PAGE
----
I walked through the vendors to see the offerings and settled on a burger that was “world famous” according to the gentleman that sidled up next to me in line. He said they were the best burgers in the world and I had to get one with everything. I took his recommendation and received the biggest burger I’ve ever seen, dripping from the sauce, onions, and everything but the kitchen sink sitting on top of the patty. This was definitely a 2 hand dinner, so I sat down on the side steps of the Carver, behind a few of the food vendors. I was in good company, albeit the only white person I saw at all. As we all sat there on the step eating our dinners, new friends nodded to me and I nodded back.

At that moment it struck me just how far we HAVE come in the last 50 years. Shoot, less than that. I was overwhelmed by the appreciation I had for all those who came before us, who paved the way so that I could sit there with my new friends and enjoy our burgers and hot dogs, all purchased from the same place, sharing them inches away from each other on the same set of stairs, enjoying the great music, atmosphere, each other’s company and diversity.

That moment will stay with me for the rest of my life. It was the moment I realized just how far we’ve come and how happy I am to be living here now, where I don’t notice color. I know there is still a very long way to go, and though I may have been conspicuous as one of the few white people there at that moment, I never felt more comfortable or at home. Thank you for that Birmingham.

Love yourself.
Find peace inside.
Share happiness.

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6 Responses

  1. Brave to share your story, Sherri. Sounds like the Jazz Festival event opened doors, broke down barriers. Progress happens through lots of individual steps taken by lots of individual people, simultaneously moving forward. I agree there’s still lots of need for more progress, but we’re definitely moving in the right direction.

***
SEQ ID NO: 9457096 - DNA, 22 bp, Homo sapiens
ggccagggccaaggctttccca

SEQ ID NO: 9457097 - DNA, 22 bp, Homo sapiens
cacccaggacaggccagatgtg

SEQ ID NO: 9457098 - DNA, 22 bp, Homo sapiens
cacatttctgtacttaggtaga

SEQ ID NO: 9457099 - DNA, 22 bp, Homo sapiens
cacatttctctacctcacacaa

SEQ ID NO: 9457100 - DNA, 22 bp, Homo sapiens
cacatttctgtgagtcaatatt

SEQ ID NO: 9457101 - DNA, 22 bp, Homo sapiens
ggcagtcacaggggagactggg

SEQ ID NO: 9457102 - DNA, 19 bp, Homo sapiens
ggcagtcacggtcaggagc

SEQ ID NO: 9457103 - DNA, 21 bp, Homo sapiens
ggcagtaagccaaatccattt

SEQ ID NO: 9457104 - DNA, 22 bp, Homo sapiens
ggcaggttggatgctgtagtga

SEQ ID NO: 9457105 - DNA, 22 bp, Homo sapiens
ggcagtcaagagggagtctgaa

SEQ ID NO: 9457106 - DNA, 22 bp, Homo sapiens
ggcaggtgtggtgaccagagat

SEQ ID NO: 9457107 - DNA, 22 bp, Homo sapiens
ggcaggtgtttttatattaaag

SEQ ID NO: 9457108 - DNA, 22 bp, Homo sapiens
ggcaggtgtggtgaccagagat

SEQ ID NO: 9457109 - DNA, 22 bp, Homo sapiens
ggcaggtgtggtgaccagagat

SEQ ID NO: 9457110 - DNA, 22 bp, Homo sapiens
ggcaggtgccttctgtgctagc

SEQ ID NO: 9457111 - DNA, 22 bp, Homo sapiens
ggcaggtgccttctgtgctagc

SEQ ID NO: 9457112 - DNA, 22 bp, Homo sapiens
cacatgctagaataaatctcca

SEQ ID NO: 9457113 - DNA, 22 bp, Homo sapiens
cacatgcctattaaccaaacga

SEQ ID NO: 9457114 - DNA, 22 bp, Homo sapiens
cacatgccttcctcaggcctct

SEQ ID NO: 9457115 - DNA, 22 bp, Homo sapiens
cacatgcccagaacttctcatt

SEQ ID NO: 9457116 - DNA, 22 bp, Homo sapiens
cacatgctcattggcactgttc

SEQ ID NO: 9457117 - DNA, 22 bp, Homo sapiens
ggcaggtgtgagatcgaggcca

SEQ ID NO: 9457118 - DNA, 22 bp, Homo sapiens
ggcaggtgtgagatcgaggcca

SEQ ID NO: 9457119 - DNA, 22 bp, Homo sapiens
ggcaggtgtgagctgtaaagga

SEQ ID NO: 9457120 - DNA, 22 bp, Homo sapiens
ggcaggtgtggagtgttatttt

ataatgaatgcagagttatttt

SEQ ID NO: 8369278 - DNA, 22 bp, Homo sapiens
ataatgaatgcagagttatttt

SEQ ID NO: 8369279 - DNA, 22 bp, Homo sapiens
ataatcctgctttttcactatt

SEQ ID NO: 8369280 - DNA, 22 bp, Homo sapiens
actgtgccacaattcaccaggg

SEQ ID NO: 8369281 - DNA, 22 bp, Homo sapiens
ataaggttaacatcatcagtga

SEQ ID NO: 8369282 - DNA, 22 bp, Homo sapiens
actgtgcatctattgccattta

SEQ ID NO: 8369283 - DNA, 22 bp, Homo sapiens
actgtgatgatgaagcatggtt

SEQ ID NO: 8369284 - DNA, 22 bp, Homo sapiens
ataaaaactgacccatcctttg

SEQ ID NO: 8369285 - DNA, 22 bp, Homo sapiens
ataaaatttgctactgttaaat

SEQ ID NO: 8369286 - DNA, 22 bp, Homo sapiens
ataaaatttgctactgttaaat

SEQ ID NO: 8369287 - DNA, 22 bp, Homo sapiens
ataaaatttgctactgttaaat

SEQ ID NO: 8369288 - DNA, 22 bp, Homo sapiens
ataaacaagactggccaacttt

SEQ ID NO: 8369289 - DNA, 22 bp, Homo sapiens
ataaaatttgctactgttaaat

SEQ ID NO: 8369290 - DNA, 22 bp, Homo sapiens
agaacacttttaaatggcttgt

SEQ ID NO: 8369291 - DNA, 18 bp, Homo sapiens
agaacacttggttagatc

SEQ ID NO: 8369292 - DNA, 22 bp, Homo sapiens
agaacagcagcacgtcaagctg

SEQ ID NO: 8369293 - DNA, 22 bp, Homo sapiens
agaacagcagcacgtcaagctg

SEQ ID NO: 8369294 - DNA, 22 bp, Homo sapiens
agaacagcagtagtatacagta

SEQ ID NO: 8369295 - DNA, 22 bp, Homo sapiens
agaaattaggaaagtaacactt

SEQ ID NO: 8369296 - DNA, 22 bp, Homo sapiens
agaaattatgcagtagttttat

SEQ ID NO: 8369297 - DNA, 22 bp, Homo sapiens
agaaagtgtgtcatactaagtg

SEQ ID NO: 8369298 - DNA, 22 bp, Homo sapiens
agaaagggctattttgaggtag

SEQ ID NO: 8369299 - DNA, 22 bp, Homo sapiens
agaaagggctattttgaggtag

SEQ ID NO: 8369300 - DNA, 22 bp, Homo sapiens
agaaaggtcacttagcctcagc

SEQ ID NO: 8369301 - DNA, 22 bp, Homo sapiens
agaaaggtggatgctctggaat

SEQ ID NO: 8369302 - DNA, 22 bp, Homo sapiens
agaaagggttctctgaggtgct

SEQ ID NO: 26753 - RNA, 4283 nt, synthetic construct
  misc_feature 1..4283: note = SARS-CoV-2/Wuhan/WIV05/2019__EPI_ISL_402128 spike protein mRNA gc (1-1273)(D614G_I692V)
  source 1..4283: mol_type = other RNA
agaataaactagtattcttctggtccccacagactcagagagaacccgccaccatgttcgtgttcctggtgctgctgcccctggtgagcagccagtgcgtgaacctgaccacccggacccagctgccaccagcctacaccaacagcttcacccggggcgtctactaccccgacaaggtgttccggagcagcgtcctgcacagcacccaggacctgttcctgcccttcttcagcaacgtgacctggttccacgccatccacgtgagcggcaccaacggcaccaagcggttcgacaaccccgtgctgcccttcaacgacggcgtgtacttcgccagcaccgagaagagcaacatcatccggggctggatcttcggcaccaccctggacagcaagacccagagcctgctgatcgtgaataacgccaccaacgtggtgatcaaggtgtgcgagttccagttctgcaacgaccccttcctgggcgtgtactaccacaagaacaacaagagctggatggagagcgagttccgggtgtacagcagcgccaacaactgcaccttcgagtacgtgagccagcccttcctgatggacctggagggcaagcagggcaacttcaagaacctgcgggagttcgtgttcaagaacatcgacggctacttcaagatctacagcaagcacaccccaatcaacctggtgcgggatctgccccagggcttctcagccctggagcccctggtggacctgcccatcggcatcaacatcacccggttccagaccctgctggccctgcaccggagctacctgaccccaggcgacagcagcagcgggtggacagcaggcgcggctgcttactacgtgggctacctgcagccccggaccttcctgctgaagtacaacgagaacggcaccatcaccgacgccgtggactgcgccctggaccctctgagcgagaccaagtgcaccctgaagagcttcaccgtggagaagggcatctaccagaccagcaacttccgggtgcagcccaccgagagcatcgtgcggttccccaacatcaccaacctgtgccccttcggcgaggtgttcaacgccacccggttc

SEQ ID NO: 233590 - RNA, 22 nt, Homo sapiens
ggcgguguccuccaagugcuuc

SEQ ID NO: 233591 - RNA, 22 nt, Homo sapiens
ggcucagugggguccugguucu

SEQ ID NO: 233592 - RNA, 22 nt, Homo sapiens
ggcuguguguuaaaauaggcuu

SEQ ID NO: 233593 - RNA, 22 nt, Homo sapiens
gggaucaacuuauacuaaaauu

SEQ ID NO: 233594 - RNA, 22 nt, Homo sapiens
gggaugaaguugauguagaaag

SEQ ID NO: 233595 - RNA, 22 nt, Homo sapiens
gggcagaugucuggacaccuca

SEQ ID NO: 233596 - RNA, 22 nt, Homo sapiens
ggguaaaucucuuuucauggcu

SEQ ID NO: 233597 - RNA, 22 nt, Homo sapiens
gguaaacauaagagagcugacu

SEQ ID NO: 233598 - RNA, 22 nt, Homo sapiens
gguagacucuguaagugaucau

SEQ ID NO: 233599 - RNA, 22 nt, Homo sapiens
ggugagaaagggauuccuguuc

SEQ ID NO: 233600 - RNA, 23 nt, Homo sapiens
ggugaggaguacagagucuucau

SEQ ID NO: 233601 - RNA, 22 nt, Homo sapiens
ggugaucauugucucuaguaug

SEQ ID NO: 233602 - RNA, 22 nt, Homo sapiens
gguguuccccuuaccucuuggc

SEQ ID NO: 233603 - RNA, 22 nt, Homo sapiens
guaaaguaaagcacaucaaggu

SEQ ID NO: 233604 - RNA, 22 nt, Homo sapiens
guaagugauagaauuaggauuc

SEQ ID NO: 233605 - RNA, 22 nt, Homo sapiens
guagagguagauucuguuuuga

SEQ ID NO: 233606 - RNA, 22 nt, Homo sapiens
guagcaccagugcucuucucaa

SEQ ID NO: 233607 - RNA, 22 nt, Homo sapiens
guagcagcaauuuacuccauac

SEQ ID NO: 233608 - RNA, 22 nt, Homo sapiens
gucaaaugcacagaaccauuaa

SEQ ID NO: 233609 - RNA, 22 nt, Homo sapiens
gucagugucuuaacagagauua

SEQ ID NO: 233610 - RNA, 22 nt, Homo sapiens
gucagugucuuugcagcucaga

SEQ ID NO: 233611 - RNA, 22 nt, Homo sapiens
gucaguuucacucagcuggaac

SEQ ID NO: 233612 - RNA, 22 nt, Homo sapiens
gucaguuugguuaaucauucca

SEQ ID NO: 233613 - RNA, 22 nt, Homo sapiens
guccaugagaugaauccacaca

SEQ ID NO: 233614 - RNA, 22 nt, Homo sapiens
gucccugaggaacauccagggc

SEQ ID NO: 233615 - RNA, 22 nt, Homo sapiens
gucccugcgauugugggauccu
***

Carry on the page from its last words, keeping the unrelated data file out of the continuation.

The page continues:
2. I really appreciate this post. Please don’t be offended at my next comment. You mentioned you’re happy you’re in this place now and don’t see color. But you noticed you were the only white face in the crowd…at least one of the few. I think it’s ok to notice color. I think it’s inevitable. We notice what’s different. whether it’s ourselves standing out, or someone else. I don’t think noticing color makes us racist. I find race relations to be fascinating, being a product of an interracial marriage and being involved in an interracial marriage myself. I felt proud reading your post. Proud of you and just proud overall of how far we have come. Of course, I agree there are still improvements to be made. But I think there always will be. I don’t like jazz music, in particular, but my husband does. maybe we will venture down there next time!

    • yougotrossed says:

      You are absolutely right. I hadn’t thought about it, so thank you for bringing that to my attention. I love how you put it too – “I think it’s ok to notice color. We notice what’s different.” I just think it makes us more aware (and hopefully respectful) of other people. I’m not a huge jazz person either – I happened upon the festival – but it was a lot of fun, great energy. I bet you two would like it. 🙂

  3. Thank you so much for your honesty, sharing your true thoughts, and blemishes that we all have. That was beautiful!

    • yougotrossed says:

      Thank you for the kind words. It’s been on my heart for some time, but I didn’t have the courage to post it. I know how I wanted it to come across, but you never know how others may take it. 🙂 I’m so glad you understood it.